There is no love lost between Rafael Nadal and Nick Kyrgios, and the two men will rekindle their rivalry when they go head-to-head in the fourth round of the Australian Open on Monday night.
The seeds of this rivalry were sown at Wimbledon in 2014, when Kyrgios, then an unknown teenage wildcard, stunned the great champion, Nadal in a monumental second round upset.
They have gone on to face off six more times after that, with Nadal owning a slight 4-3 advantage in their career meetings. Two of those matches were in 2019- the year the rivalry developed into a full-blown feud.
The first flash point was in Acapulco, where Kyrgios scored an epic 3-6 7-6 7-6 victory over the Spaniard. Unhappy at some of Kyrgios’ antics and behaviour, Nadal admonished his opponent during his post-match press conference, accusing the Aussie of lacking respect.
“[He’s] a player who has the talent to win a Grand Slam and be fighting for the top positions of the rankings”, Nadal said.
“I don’t think he’s a bad guy, not at all. I think he’s a good guy, but what he lacks is a little respect for the public, for his rival, and also for himself. I think he should improve that. Today we have to say congratulations, he was good and he won.”
Kyrgios was fairly diplomatic in his response, saying he wasn’t going to listen to the Spaniard.
“I’m different, Rafa is different. He can focus on what he needs to do.” Kyrgios said. “He doesn’t know the journey I’ve been through; he doesn’t know me. So I’m not going to listen at all”.
“That’s the way I play. That’s the way he plays, he’s very slow between points and the rule of the book says you have to play at the speed of the server. But Rafa has the speed every time”.
However, there was no holding back from Kyrgios during a podcast interview in May, when he launched into Nadal, calling the Spaniard a sore loser, and left a bit on Nadal’s uncle, Toni as well.
“When he wins, it’s fine. He won’t say anything bad, he’ll credit the opponent, ‘He was a great player’. But as soon as I beat him, it’s just like, ‘He has no respect for me, my fans and no respect to the game’,” Kyrgios said on the No Challenges Remaining podcast.
“It’s not a good look for you, I feel. And then uncle Toni came out saying, ‘He lacks education’. I’m like, ‘Bra (brother), I did 12 years at school, you idiot… I’m very educated. I understand that you’re upset I beat your family again’.”
As fate would have it, both men would be in combat under two months later at Wimbledon. Naturally, the match received the big build up, and it certainly didn’t disappoint. It might not have been the greatest of matches, but it was edgy all the way, and delivered some of the anticipated drama.
The spiciest moment was when Kyrgios aimed a forehand directly at Nadal, who just about got his racket in the way of the ferocious hit. The Australian did not apologize at the time, and he stuck to his guns during the post-match conference. Kyrgios admitted that he was deliberately trying to hit the Spaniard, but insisted that he didn’t owe his opponent any apology.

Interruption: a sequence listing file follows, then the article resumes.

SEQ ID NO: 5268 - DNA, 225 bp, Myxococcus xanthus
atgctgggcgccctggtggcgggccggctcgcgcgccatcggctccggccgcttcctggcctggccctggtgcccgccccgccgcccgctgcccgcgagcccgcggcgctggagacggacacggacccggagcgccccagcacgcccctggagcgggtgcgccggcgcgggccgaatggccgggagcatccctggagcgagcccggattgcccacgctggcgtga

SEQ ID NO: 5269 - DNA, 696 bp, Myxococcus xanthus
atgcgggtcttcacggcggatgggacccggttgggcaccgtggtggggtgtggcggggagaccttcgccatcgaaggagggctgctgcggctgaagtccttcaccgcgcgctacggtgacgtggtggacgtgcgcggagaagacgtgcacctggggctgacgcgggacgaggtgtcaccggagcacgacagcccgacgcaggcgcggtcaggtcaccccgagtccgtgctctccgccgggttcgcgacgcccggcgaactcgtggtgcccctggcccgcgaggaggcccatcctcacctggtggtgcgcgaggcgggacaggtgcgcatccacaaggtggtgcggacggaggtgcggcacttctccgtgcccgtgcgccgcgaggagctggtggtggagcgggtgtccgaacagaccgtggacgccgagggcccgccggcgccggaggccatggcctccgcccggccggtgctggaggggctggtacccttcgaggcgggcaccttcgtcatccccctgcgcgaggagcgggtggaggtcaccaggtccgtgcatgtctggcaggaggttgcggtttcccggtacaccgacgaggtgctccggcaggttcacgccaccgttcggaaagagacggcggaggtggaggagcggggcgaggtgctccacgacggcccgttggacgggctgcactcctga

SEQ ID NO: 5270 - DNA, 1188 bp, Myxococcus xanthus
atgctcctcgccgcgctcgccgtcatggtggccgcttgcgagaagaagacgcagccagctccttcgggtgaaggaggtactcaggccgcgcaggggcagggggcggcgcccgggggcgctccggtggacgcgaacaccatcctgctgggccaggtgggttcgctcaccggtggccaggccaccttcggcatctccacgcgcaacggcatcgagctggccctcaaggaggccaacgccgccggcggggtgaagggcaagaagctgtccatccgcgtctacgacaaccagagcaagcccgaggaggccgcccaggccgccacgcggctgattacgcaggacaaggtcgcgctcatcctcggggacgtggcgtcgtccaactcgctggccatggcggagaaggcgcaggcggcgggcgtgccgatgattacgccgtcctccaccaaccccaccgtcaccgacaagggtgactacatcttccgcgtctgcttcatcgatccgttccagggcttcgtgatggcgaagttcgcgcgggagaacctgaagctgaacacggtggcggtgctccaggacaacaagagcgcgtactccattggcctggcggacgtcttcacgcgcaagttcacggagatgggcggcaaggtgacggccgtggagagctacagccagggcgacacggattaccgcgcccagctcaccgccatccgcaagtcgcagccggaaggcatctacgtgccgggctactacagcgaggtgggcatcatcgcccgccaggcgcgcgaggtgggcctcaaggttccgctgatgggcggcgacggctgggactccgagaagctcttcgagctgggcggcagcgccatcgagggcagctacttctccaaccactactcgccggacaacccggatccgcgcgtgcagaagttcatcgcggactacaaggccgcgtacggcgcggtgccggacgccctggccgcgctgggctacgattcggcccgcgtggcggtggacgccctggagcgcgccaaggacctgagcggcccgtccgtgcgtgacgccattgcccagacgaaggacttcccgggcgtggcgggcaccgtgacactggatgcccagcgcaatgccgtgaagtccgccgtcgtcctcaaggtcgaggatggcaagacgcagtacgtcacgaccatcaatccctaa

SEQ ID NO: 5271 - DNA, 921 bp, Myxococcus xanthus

Kyrgios hits big forehand right at Nadal ?
— Vicehood (@Vicehood) July 4, 2019
“I wanted to hit him square in the chest,” Kyrgios said. “Why would I apologize? Dude’s got how many Slams? How much money in the bank account? I think he can take a ball to the chest.”
Kyrgios has generally been the aggressor in this feud, and he’s taken particular exception to the amount of time Nadal takes between serves. He referenced it in an ill-tempered match with Karen Khachanov in Cincinnati last year, and subsequently posted a comparison on Social Media to back up his point.
More recently, he mocked the Spaniard’s fidgety service routine when he was called for a time violation during his Australian Open second round victory over Gilles Simon.
— doublefault28 (@doublefault28) January 23, 2020
Unsurprisingly, Kyrgios and Nadal have had to answer questions about each other in the build up to their latest meeting. The conversations have generally been civil, but there have been not so subtle hints that both players do not like each other at all.
“I don’t know. I don’t know him personally, honestly, to have a clear opinion”, said Nadal, when asked if he likes Kyrgios.
“It is clear (that) when he does stuff that in my opinion is not good, I don’t like (it).
“When he plays good tennis and he shows passion for this game, he is a positive player for our tour, and I want my tour bigger, not smaller… So the player who make the tour bigger are important for the tour”.
“When he’s ready to play his best tennis and play with passion, (he) is one of those guys… When he’s doing the other stuff, of course I don’t like (it).”
Kyrgios was also orderly in his response, insisting that there’s a layer of respect between the two players- even if they do not like each other.
“Regardless, if we don’t like each other or whatever, I think there’s a layer of respect. He’s one of the greatest of all time. I also read that he thinks I’m good for the sport,” he said.
“There’s a layer of respect that we both have for each other. Doesn’t necessarily mean we like each other”.
“I don’t really know Rafa… I’ve never really hung out with him so I don’t really know how he is. I don’t really dislike him. I never said I dislike him. I don’t know him at all”.
“Helluva tennis player. I don’t know him as a person. I assume he’s OK.”
So the stage is set for the eighth instalment of Kyrgios vs Nadal. Beyond the sub-plots and the drama, it is important to point out that both men have been in fine form in Melbourne, which should make for a fascinating contest.
And then there’s the added spice from all the shenanigans that have gone on between the over the past year…